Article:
…It’s a very silly game. But tight controls, a similarly tight control scheme (Hold left or right mouse to release your grip and control said limb, release to hopefully grab onto whatever you were wanting to grab onto), make the title so very true… A hard man is good to climb. It helps that there’s added variety, both from unlocks by playing the game (Customisation options and chat stickers, the means of communication between players), and in its game modes, at least some of which are deceptively simple looking.

Take, for example, Spiral mode. At set heights, the men are replaced by a long 3d block, at an angle to the one before it (hence, Spiral.) At first, the blocks make things easier, but, as it gets higher, the spirals get harder to climb, with less room for error, until… Oh no, you fell down, and spent all your reserve time on the way back up. Oh well, keep watching, friend, this is how… Oh no, I fell down, and spent all my reserve time on the way back up… Good game, folks, good game!

And this collaborative piece, entitlted “We will hit the Minions memes with large blocks and buff men.”

There are others, of course. Standard, classic, low gravity, ones with and without blocks, but through it all, there are three constants. Firstly, that it’s fun with friends. Secondly, that buff men and a goat are always involved. And thirdly, that it costs less than £6 , for something with a fair amount of replay value, a lot of silliness, and pretty accessible play.

The Mad Welshman is, you may have noticed, pro buff men in tight posing pouches.

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Hacktag (Review)

Source: Review Copy
Price: £15.49
Where To Get It: Steam

Even after release, Hacktag remains an odd sort of beast to me. It is, and, at the same time, isn’t my sort of game. It remains recommended because, despite my own problems, it is, nonetheless, an interesting and fairly accessible take on co-op stealth/hacking games.

Oops… I see trouble in my future…

Goodness me, that was a bit of a mouthful. Let’s back up a sec. Hacktag is, at the same time, competitive and co-operative, involving an anthropomorphic (that’s animals as people, in this case) world of corporate espionage, in which two players steal data in one of three mission types, either as a stealth operative, or a hacker. The gameplay in each is different, but has the same base idea: Do the things, don’t get caught, and if you do get caught, hope your friend (or you, in the case of Solo play) don’t get caught trying to bust you out. Occasionally, you do things together, and, overall, it’s a tense experience.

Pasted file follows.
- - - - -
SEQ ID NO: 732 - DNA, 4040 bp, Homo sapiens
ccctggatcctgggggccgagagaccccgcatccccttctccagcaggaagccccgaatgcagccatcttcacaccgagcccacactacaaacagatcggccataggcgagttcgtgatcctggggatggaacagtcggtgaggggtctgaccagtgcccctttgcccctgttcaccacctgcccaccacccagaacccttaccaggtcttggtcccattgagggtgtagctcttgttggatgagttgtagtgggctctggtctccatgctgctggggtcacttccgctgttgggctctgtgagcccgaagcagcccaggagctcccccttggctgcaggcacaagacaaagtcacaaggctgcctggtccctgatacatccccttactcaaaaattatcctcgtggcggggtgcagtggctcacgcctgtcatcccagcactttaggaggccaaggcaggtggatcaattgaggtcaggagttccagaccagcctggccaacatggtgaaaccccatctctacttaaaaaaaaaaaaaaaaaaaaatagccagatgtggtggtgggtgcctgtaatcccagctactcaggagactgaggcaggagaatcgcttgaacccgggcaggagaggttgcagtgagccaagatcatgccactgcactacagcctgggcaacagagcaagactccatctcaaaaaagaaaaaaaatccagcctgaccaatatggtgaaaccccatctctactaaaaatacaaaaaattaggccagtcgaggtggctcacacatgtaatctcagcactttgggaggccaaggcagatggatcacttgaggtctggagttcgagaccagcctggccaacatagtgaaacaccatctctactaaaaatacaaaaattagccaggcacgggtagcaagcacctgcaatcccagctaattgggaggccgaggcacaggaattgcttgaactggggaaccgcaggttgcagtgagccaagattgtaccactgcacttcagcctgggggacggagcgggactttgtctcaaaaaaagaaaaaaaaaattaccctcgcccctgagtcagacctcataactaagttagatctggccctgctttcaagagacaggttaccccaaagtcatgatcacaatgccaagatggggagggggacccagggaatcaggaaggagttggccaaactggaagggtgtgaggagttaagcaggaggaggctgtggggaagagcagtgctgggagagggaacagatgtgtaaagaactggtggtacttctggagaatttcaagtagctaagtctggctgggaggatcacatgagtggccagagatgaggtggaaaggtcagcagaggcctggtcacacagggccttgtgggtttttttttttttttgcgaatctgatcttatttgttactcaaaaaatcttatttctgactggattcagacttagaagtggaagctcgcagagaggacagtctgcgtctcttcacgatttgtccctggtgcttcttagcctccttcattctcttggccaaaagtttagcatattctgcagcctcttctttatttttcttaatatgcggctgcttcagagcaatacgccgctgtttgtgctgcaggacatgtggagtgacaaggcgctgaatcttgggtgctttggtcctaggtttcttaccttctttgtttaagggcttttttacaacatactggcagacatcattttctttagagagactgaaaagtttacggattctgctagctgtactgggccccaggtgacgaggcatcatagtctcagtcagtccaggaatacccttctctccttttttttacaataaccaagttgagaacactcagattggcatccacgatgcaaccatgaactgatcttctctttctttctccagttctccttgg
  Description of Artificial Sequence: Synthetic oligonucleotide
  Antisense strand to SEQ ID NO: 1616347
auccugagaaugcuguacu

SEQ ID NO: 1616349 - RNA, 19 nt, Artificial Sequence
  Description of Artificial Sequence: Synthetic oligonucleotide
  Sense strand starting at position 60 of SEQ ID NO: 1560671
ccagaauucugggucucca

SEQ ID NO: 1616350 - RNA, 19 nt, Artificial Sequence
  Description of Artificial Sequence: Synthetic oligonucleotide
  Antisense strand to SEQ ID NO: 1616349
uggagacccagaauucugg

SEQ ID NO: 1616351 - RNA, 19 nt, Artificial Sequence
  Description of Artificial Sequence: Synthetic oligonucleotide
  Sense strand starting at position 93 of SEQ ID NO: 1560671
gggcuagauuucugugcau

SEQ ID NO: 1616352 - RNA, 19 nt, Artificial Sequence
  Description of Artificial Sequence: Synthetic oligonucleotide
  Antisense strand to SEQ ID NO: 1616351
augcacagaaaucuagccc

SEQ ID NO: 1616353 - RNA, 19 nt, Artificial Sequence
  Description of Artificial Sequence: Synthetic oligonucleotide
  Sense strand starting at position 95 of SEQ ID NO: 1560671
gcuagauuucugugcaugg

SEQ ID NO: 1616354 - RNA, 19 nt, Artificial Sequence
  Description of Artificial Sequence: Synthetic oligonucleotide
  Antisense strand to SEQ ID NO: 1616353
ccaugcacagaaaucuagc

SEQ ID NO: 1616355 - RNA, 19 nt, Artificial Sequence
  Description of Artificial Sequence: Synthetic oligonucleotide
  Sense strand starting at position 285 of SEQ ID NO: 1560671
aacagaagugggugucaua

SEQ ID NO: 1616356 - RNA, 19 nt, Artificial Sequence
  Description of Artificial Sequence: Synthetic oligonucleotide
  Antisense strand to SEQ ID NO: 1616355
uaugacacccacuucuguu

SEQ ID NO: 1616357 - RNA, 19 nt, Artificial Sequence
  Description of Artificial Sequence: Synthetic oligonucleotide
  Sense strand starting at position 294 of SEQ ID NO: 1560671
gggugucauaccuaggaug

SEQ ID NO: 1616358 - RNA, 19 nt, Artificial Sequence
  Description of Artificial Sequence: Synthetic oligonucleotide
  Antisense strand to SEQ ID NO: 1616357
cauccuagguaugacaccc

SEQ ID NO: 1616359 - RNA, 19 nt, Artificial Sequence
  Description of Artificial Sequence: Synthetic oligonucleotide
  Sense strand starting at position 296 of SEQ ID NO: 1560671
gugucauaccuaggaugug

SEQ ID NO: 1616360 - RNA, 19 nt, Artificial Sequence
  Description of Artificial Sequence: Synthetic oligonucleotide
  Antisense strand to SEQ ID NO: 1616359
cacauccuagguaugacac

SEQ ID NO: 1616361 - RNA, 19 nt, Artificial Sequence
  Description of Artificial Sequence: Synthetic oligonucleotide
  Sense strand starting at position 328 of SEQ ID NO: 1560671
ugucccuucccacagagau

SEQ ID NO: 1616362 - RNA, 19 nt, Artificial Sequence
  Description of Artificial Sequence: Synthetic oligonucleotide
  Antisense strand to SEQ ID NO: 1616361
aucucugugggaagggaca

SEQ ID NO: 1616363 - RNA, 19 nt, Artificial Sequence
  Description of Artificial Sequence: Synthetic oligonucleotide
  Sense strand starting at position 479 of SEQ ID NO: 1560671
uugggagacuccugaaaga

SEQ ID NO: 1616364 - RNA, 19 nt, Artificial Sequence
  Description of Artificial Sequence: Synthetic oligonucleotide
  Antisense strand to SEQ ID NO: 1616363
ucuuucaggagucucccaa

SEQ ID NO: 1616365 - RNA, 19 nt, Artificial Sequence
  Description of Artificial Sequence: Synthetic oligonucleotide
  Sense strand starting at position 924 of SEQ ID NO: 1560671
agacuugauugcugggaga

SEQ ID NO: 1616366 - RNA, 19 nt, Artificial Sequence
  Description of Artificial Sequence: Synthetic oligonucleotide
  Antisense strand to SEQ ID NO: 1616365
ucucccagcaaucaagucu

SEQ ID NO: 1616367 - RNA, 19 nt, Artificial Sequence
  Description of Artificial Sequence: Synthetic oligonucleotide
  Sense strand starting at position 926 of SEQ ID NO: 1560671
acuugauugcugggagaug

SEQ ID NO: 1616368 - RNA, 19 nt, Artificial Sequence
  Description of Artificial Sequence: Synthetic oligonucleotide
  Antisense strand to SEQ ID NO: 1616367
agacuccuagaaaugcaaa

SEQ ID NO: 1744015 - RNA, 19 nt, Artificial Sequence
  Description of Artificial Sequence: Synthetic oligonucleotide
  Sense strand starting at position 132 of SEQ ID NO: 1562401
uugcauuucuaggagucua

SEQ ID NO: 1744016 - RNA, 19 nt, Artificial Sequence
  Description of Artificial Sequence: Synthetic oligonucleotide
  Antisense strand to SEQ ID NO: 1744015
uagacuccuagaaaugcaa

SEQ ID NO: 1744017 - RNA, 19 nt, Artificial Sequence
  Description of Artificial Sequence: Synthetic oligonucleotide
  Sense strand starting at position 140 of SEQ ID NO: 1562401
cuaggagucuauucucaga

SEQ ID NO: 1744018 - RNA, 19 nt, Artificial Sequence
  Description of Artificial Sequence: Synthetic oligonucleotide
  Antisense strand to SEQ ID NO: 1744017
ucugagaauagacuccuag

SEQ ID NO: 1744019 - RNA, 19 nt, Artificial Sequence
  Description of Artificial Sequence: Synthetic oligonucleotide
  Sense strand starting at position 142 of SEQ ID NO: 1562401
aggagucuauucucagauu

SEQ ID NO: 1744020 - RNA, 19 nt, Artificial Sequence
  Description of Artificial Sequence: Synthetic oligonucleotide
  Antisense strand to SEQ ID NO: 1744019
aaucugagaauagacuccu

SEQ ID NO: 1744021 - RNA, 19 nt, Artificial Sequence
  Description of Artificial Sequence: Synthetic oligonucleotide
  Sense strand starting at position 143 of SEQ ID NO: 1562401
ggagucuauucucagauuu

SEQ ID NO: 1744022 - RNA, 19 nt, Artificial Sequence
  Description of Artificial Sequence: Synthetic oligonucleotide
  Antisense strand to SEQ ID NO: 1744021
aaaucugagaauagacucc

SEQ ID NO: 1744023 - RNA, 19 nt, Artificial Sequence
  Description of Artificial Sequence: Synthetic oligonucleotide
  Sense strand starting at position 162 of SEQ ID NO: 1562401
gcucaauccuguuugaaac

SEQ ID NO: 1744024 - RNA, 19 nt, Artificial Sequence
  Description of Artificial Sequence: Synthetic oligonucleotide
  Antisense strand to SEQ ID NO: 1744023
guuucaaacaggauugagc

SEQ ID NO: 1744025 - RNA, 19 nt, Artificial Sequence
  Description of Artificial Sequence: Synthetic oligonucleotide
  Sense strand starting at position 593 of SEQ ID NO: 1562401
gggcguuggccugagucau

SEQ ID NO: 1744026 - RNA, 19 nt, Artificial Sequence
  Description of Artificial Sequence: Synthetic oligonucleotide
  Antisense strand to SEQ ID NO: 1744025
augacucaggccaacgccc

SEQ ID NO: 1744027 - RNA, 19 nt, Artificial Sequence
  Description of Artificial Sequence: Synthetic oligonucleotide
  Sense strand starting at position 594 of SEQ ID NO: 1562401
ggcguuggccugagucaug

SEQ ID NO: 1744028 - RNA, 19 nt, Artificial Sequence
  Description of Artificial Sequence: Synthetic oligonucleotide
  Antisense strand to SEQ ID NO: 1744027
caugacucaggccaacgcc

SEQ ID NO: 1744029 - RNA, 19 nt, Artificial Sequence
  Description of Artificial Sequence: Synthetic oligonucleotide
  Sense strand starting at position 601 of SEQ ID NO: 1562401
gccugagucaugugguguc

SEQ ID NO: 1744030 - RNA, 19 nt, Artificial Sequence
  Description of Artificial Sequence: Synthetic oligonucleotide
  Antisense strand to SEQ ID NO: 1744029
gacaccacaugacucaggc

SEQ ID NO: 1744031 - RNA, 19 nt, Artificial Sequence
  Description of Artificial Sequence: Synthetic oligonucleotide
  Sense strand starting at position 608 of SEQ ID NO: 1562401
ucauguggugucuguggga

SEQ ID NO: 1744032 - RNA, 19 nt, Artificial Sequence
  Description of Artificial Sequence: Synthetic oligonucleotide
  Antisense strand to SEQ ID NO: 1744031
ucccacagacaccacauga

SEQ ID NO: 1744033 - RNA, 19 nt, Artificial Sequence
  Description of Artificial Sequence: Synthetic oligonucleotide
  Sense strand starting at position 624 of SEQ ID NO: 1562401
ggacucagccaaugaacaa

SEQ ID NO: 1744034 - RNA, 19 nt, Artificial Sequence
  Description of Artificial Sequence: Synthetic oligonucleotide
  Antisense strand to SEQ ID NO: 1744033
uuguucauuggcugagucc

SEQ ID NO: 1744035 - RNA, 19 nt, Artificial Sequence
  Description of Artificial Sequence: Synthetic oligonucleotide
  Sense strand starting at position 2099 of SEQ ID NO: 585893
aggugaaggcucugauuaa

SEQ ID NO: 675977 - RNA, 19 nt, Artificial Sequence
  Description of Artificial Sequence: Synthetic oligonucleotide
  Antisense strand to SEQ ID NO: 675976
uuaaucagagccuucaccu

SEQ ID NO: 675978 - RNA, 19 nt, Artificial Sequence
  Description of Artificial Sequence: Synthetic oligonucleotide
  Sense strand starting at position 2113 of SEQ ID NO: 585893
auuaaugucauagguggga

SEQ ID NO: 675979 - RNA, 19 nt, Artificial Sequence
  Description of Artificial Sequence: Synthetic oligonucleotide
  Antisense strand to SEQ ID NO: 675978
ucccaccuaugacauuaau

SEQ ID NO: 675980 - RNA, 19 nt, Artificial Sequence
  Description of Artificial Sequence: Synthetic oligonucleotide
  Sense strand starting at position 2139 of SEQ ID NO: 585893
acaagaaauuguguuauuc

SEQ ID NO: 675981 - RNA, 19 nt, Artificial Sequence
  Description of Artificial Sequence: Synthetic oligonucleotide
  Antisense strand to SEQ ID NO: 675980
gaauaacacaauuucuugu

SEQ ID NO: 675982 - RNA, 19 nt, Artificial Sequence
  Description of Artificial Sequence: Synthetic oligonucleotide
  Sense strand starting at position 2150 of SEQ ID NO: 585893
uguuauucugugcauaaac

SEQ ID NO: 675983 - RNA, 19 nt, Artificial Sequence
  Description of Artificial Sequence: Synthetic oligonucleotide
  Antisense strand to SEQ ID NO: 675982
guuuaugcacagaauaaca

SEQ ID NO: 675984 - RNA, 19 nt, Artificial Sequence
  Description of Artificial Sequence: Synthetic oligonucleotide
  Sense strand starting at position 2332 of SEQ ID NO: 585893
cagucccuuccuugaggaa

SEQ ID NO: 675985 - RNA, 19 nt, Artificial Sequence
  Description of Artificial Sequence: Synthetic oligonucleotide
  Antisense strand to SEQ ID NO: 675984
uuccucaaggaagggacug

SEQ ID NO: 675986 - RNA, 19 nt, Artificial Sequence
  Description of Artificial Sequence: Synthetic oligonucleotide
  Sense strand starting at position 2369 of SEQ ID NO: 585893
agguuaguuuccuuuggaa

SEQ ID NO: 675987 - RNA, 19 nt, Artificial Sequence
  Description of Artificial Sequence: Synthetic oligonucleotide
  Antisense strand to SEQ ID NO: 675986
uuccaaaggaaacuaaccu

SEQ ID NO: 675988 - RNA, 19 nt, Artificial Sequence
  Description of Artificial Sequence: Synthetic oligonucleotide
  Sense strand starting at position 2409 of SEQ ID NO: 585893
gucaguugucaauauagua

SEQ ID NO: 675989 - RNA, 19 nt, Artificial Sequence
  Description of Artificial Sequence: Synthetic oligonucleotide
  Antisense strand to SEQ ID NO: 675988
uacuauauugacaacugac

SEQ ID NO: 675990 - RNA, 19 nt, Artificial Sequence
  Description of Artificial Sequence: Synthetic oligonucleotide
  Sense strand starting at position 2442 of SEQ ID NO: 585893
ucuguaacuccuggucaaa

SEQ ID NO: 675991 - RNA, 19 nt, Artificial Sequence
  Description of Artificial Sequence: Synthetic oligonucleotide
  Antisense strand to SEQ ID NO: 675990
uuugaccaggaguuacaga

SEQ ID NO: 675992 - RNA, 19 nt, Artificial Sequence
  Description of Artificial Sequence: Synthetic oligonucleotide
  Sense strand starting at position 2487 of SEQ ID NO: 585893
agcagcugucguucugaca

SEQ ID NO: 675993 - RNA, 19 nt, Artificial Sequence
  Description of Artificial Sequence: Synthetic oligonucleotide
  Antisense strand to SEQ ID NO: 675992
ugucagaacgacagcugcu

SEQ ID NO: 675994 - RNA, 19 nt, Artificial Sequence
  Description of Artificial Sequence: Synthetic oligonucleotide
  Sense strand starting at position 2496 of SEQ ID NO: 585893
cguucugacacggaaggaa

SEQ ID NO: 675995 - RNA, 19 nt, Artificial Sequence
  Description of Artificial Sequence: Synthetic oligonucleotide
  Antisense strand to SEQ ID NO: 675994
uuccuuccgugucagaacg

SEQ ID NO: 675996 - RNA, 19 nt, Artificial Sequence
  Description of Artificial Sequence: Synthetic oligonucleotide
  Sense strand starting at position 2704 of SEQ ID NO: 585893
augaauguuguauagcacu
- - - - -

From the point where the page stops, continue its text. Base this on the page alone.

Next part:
Aesthetically, the game works fairly well. Clear visuals, some good stealthy music, ramping up to fever pitch when, inevitably, something goes to hell, and its icons and tutorialising are pretty clear. The controls are understandable, and it comes in the three flavours of multiplayer (friends or random players), local (Two players, one machine), and solo (switching between controlling characters with TAB, the majority of my experience with the game.)

Mainframe hacking is the mission type added for release, and it’s a long, tense haul…

I’ve already mentioned that I find it a little odd that, despite its co-op nature, players are scored (and level up) separately, especially as co-operation is, in at least some cases, mandatory. Indeed, part of the tensions comes from situations like one player trying to unlock the way ahead for the other, to run into a situation like the alarm trap, which requires both players to deactivate (Indeed, one of the pictures of this review is a fine example of when this happens.) Nonetheless, unlockables, co-op play, an interesting visual style… There’s a lot to recommend it.

It isn’t, as it turns out, my particular cup of tea, but if you’re looking for something new in a relatively small genre (at the present time, anyway), this may well be worth a look.

As far as I am aware, while this deeply resembles a lootbox, Coins are earned in-game. Nonetheless, I did get a little skittish when I noticed this…

The Mad Welshman isn’t, as it turns out, much of a multiplayer feller.